Climate activist and Amherst College sophomore Dania Hallak landed in Revere after her family had to flee Syria’s civil war. It wasn’t until later that she learned the factors that disrupted her childhood were also linked to climate change, she said.
Then, in winter 2018, when rising sea levels forced her classmates to evacuate her coastal hometown outside Boston, she feared she would again lose her home to the effects of climate change.
“I wouldn’t wish those feelings of hopelessness and years of displacements on anybody,” Hallak said Friday, as more than a hundred people marched to the State House to demand that legislators take swift action to make climate policy inclusive and equitable, enforce science-based renewable energy targets, and reform climate and civics education to empower youths.
The protest coincided with plans for other youth climate strikes across the country. The Boston crowd was filled with people of all ages — some pushing bikes, wearing green bandanas, or carrying signs with slogans like “the oceans are rising and so are we” — with one common message to politicians.
“Stop tabling discussions about climate changes for another date. That date is now,” Harvard College senior Jade Woods said to the crowd. Woods’s family lived in Baton Rouge, La., without power for a month after Hurricane Katrina.
Hallak told the crowd: “We’re outlining the actions. We have bills on the table. We don’t have the privilege to sit down and wait.”
The protest was organized by the Massachusetts Youth Climate Coalition, a youth-led network of dozens of organizations committed to centering the voices of the state’s young people in the climate movement. It was held after a summer in which North Americarecorded one of its hottest Julys on record and communities around the world suffered through scorching heat waves, devastating hurricanes and earthquakes, droughts, and mass wildlife die-offs.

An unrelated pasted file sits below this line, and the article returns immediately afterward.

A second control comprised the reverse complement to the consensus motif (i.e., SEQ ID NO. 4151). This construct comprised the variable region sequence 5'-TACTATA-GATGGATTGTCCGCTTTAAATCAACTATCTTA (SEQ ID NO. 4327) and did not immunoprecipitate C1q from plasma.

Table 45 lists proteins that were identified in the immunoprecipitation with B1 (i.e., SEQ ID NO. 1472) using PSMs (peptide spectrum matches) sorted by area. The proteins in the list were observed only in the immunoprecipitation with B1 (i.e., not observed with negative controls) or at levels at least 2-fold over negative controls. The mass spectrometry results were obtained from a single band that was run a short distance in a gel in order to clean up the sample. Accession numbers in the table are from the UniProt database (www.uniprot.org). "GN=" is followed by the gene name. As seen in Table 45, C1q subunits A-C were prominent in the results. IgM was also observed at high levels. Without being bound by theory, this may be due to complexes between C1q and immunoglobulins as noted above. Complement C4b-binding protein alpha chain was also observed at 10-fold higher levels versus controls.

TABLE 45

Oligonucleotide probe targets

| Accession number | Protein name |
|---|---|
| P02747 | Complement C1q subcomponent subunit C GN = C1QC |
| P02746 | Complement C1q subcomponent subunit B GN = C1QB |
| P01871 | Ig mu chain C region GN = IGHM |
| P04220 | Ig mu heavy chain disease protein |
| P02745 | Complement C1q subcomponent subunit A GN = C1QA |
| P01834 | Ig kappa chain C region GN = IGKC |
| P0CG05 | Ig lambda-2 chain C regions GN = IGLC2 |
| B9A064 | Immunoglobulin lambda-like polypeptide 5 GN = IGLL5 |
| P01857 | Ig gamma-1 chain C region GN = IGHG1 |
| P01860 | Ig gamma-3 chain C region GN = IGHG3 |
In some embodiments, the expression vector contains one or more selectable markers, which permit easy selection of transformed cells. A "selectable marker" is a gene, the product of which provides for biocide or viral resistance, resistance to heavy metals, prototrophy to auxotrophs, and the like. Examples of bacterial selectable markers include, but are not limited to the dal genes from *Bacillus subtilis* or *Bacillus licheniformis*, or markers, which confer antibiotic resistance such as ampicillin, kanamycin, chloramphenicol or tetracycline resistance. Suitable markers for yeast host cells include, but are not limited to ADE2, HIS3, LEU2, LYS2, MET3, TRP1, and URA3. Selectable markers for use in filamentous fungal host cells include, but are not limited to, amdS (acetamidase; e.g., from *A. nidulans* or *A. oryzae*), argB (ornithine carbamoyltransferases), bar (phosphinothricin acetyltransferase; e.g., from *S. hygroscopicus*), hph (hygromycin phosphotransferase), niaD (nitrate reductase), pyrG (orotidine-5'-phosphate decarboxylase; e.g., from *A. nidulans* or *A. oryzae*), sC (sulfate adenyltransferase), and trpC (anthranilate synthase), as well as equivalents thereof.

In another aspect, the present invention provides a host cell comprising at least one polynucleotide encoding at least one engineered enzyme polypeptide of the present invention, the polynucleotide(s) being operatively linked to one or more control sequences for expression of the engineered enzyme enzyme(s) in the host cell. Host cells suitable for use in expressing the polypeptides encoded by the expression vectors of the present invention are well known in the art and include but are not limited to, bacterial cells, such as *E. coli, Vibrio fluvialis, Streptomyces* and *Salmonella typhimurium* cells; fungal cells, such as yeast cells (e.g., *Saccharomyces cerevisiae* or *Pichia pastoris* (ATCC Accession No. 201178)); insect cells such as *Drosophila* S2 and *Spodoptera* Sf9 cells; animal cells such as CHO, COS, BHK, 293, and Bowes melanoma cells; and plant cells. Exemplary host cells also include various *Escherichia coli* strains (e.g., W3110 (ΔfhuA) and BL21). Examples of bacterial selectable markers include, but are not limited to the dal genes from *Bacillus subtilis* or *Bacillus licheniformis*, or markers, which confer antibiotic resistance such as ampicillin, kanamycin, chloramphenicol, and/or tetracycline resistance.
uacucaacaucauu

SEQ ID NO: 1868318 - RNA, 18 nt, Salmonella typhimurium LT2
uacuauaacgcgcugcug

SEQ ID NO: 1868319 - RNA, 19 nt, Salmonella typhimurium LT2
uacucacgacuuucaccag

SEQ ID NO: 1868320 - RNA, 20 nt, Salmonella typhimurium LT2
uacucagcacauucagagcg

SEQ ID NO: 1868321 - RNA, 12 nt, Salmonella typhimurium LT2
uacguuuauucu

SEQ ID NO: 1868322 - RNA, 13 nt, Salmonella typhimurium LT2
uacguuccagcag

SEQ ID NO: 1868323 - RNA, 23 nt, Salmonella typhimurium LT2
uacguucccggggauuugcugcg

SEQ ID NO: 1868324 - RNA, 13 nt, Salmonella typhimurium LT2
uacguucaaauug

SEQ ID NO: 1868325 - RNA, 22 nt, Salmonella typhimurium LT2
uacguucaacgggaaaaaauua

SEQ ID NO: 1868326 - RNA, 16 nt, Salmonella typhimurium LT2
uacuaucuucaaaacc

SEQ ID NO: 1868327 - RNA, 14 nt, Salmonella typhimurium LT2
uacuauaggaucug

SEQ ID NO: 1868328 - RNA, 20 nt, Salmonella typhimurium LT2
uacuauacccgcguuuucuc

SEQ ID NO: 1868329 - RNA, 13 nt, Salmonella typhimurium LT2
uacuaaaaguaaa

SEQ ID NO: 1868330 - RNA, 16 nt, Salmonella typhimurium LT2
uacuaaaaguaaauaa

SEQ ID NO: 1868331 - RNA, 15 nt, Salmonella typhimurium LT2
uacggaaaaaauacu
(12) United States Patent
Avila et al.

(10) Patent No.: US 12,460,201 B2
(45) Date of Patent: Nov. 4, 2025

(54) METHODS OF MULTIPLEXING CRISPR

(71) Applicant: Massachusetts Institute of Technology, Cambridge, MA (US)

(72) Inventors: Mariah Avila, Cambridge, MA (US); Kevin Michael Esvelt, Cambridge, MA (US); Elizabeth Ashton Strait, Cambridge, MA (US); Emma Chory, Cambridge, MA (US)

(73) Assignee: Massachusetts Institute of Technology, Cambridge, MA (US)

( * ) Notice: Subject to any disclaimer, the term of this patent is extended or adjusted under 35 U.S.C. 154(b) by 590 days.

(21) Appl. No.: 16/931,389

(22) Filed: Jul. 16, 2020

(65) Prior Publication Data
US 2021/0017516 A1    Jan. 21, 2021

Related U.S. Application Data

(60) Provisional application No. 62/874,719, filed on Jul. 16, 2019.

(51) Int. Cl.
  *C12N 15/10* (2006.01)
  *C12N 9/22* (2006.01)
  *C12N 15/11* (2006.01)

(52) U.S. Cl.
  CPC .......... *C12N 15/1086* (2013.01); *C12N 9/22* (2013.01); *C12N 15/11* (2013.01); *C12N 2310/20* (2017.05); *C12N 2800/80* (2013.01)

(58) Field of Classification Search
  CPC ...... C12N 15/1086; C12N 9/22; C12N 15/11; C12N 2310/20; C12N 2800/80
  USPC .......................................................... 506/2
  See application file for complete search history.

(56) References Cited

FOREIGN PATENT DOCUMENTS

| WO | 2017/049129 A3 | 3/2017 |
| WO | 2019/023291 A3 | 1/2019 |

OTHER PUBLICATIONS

Congress is wrestling with a $3.5 trillion budget reconciliation bill that would greatly reduce emissions. In Massachusetts, lawmakers have yet to pass the Green Future Act, which would rebate corporate polluter fees to fund low-income communities and local green infrastructure initiatives.
While policy stalls, children are taking to the streets.
Protest organizer Divya Nandan, a senior at Westborough High School, expressed frustration that many policy makers continue to put profit over the planet, even when the science is clear.
“From progressive politicians, a lot of times the reactions we get is sort of like, ‘Good job, kids!’ or ‘Keep at it,’” Nandan said. “It’s very condescending and patronizing and no real action comes from it.”
She said it’s important that young people lead the movement because they’re going to bear the brunt of climate change.
“For someone my age, this is the future we’re looking at,” she said.
Olivia Mills, 18, a freshman at Boston University, said intergenerational solidarity is important for addressing the climate crisis. But as a young adult, she feels a unique sense of urgency.
“Young people are entering this world that is facing a lot of issues. I think we all feel a lot of responsibility,” she said.
Many of the adults in the crowd took a back seat to the younger participants, who chanted, “Hey hey! Ho-ho! Fossil fuels have got to go.”
Eben Bein, 34, said left his career as a high school biology teacher to work as a field coordinator for youth-centered nonprofit Our Climate.
“[Adults] need to stop pretending that we get it right without the help of the most impacted generation,” Bein said in a phone interview before the protest. “Young people see clearer and further ahead than we do. We’re morally obligated to listen and follow their lead.”
Julia Carlin can be reached at firstname.lastname@example.org.